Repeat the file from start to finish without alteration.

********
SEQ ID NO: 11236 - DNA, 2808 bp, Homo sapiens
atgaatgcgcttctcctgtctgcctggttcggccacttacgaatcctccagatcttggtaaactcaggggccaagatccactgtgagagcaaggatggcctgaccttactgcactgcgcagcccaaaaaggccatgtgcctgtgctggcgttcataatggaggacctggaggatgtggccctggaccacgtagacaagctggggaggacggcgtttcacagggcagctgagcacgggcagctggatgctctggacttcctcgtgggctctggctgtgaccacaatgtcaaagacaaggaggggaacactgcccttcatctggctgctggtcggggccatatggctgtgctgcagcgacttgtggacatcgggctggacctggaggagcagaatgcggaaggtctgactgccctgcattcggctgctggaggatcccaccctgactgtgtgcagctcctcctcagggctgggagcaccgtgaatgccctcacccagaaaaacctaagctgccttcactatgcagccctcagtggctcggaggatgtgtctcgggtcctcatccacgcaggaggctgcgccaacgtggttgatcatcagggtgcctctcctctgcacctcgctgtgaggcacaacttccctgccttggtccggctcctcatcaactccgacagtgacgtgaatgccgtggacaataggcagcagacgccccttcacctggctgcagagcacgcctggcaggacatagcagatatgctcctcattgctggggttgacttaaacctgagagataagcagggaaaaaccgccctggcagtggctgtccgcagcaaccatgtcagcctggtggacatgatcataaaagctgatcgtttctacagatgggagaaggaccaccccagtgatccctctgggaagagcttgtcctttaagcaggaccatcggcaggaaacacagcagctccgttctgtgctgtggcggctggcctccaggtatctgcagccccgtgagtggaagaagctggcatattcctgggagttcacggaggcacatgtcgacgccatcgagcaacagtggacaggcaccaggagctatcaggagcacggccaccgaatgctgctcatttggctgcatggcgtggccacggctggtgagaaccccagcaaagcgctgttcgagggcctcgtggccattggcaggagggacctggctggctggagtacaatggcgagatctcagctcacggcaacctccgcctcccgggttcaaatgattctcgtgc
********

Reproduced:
SEQ ID NO: 11236 - DNA, 2808 bp, Homo sapiens
atgaatgcgcttctcctgtctgcctggttcggccacttacgaatcctccagatcttggtaaactcaggggccaagatccactgtgagagcaaggatggcctgaccttactgcactgcgcagcccaaaaaggccatgtgcctgtgctggcgttcataatggaggacctggaggatgtggccctggaccacgtagacaagctggggaggacggcgtttcacagggcagctgagcacgggcagctggatgctctggacttcctcgtgggctctggctgtgaccacaatgtcaaagacaaggaggggaacactgcccttcatctggctgctggtcggggccatatggctgtgctgcagcgacttgtggacatcgggctggacctggaggagcagaatgcggaaggtctgactgccctgcattcggctgctggaggatcccaccctgactgtgtgcagctcctcctcagggctgggagcaccgtgaatgccctcacccagaaaaacctaagctgccttcactatgcagccctcagtggctcggaggatgtgtctcgggtcctcatccacgcaggaggctgcgccaacgtggttgatcatcagggtgcctctcctctgcacctcgctgtgaggcacaacttccctgccttggtccggctcctcatcaactccgacagtgacgtgaatgccgtggacaataggcagcagacgccccttcacctggctgcagagcacgcctggcaggacatagcagatatgctcctcattgctggggttgacttaaacctgagagataagcagggaaaaaccgccctggcagtggctgtccgcagcaaccatgtcagcctggtggacatgatcataaaagctgatcgtttctacagatgggagaaggaccaccccagtgatccctctgggaagagcttgtcctttaagcaggaccatcggcaggaaacacagcagctccgttctgtgctgtggcggctggcctccaggtatctgcagccccgtgagtggaagaagctggcatattcctgggagttcacggaggcacatgtcgacgccatcgagcaacagtggacaggcaccaggagctatcaggagcacggccaccgaatgctgctcatttggctgcatggcgtggccacggctggtgagaaccccagcaaagcgctgttcgagggcctcgtggccattggcaggagggacctggctggctggagtacaatggcgagatctcagctcacggcaacctccgcctcccgggttcaaatgattctcgtgc